6. bamloiz said: My understanding is that Nazgul are leaders which means they cannot engage in combat alone but need to accompany an army. They do have some unique characteristics in that they can occupy enemy strongholds but will need to fight with an army if you intend to use them in battle. Nazgul can occupy any region other than a FP stronghold controlled by the FP without an army. I usually place one in the region with the fellowship's LKP to make sure I get a hunt reroll.
  7. Tsugo2

    character balance

    subochre said: As a result, in addition to reading the tip sheets, I'd give everyone the chance to look through their dark deck before the game starts, in order to find out what conditions trigger their dark cards and what the consequences might be. That way, for example, people will know that Floyd has two cards that can force him to drop everything and go to Earth (one voluntarily, the other by force), and that if Rachel manages her hand properly, she'll mostly just lose a little time or money here and there (aside from one particularly ugly fight that can short out her hardware). I agree with this whole heartedly. Each player has a dark card that can essentially end their turn. I also recommend that for the first game, try to limit it too 3 players, maybe 4. The game seems to run exponentially longer with more players when first learning Android. I would avoid having anyone play Raymond on the first go round. Not only does he have a special set of cards that can be brutal to him. His story does not follow the standard rules/turn flow as the other investigators and it can be somewhat confusing.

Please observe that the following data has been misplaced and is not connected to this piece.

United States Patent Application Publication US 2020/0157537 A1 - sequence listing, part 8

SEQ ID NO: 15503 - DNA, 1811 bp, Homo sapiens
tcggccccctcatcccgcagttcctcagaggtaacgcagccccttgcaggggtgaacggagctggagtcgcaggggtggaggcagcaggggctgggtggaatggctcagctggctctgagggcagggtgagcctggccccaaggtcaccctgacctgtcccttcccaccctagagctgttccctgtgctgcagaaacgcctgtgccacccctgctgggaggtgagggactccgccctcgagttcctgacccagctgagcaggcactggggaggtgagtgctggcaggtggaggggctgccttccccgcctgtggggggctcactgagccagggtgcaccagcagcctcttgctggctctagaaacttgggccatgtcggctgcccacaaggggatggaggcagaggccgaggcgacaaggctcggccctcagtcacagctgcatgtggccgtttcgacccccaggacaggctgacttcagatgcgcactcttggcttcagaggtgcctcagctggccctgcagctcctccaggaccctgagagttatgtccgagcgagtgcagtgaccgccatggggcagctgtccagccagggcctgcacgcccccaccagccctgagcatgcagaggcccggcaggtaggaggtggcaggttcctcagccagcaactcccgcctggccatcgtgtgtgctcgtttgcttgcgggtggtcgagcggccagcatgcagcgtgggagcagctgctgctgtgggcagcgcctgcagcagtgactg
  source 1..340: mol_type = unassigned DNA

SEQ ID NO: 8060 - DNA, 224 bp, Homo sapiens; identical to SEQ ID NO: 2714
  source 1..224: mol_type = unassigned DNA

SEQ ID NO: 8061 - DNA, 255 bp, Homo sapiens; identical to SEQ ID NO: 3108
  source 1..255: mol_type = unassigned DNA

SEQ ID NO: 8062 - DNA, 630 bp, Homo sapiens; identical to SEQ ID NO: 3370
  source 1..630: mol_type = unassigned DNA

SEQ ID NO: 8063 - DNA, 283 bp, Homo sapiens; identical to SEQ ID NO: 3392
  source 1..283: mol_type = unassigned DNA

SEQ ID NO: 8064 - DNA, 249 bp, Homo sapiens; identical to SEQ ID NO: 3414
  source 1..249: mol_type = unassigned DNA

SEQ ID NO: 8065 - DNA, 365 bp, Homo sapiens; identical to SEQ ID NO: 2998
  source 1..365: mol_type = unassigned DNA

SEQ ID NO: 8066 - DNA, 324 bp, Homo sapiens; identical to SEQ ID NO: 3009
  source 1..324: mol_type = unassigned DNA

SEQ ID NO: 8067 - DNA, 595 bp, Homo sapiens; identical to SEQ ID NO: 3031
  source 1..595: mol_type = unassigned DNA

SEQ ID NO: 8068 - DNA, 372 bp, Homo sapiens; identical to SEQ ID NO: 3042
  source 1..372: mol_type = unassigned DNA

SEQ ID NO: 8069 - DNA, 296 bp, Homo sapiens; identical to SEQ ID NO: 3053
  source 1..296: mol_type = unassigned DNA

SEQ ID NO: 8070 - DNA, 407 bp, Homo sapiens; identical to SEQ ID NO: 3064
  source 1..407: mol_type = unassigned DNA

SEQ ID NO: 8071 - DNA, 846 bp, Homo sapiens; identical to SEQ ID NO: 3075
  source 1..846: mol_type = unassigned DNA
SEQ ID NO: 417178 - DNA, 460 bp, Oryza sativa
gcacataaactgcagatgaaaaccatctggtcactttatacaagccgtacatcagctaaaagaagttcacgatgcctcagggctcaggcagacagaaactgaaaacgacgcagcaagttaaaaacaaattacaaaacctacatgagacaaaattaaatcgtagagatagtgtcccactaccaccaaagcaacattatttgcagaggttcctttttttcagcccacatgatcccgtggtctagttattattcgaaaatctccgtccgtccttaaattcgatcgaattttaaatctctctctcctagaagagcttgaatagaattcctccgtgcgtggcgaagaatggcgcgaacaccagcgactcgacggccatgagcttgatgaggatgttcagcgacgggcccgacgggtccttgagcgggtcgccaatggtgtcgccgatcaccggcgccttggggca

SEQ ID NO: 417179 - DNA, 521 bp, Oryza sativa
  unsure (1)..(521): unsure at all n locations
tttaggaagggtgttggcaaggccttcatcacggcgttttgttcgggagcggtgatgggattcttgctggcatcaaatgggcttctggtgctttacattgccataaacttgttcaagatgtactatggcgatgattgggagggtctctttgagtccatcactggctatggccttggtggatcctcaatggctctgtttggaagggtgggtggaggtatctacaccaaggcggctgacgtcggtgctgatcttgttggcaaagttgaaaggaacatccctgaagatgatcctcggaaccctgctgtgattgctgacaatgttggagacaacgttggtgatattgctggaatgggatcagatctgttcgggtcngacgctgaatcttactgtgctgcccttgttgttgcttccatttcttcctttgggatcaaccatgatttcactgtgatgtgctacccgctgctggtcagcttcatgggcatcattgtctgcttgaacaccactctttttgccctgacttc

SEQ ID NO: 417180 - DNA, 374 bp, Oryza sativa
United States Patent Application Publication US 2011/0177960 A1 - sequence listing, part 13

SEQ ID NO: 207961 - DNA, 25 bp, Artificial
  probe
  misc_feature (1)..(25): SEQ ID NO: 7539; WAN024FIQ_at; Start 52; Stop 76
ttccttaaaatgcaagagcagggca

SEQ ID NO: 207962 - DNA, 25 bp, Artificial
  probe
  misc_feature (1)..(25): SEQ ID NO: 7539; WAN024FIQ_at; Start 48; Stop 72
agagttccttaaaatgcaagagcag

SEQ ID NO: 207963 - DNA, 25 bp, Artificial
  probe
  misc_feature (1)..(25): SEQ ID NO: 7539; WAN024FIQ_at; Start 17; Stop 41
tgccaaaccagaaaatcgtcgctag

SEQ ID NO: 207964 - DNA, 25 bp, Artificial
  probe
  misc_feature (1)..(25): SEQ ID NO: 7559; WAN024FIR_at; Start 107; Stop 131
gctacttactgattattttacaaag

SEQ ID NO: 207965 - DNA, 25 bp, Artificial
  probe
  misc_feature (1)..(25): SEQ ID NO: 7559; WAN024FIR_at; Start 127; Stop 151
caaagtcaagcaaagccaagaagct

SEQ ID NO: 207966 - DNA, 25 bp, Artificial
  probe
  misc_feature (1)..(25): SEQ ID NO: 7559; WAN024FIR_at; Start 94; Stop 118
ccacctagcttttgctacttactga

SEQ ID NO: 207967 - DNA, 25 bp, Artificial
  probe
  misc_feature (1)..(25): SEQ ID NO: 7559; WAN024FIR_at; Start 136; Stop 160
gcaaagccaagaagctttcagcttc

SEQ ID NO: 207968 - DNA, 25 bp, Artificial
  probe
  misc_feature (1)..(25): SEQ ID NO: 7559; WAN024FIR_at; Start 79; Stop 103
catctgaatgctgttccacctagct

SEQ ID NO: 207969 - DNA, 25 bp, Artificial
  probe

8. This is one my groups favorite games. The only reason it doesn't get played more often is that we have 6 people in our group. Others have posted some good answers to your questions. This is definitely one of the less fiddly games that FFG has published. The one thing that I tell people new to this game, is that it's not Conan the Adventure Boardgame. I think a more apt title would have been Battles of the Hyborian Age. I also let them know that direct PvP combat will occur, but right off the bat, generally it's not strategically sound. But if they want immediate player conflict, it's an option.
  9. Cassive said: The thing about a Maniac Attack against 6 investigators that immediately springs to mind, is that if 6 investigators are teaming up against 1 maniac, every turn you have the opportunity to make all of them, at once, roll horror checks (given that the maniac can spawn anywhere), and you'll never be short trauma cards gaining 6 terror a turn. I'm not saying there still wouldn't be balance issues, but just because monsters get killed quickly, doesn't mean there aren't ways to still make them work for you. I'd have to actually play a large game before really weighing in, though; I've only played 2 or 5 player. Maniacs can only be spawned in a location with a single investigator. And despite gaining 6 threat a turn, it costs 4 threat to make a new maniac.
  10. Tsugo2

    character balance

    Each character has their strengths and weaknesses. Since each character has his/her own unique decks of cards, they all play differently. The game comes with tip sheets for each character and strategies to use against other characters. It is critical for new players to read these tip sheets. It is not easy to know who is winning and who is losing as things can change dramatically over the course of the game. Think you've built up enough evidence to prove your suspect is guilty? Well, another player may come along and debunk/remove that evidence, or worse, put a hit on your suspect and possibly eliminate him from the game. Think you've racked up victory points by link paths in the conspiracy puzzle to various organizations. Well, another player could come along and break the chain, making all those favors you've been collecting suddenly worthless. Just because things don't seem to be going well for a particular player at an early stage of the game, doesn't mean that things can't change later on.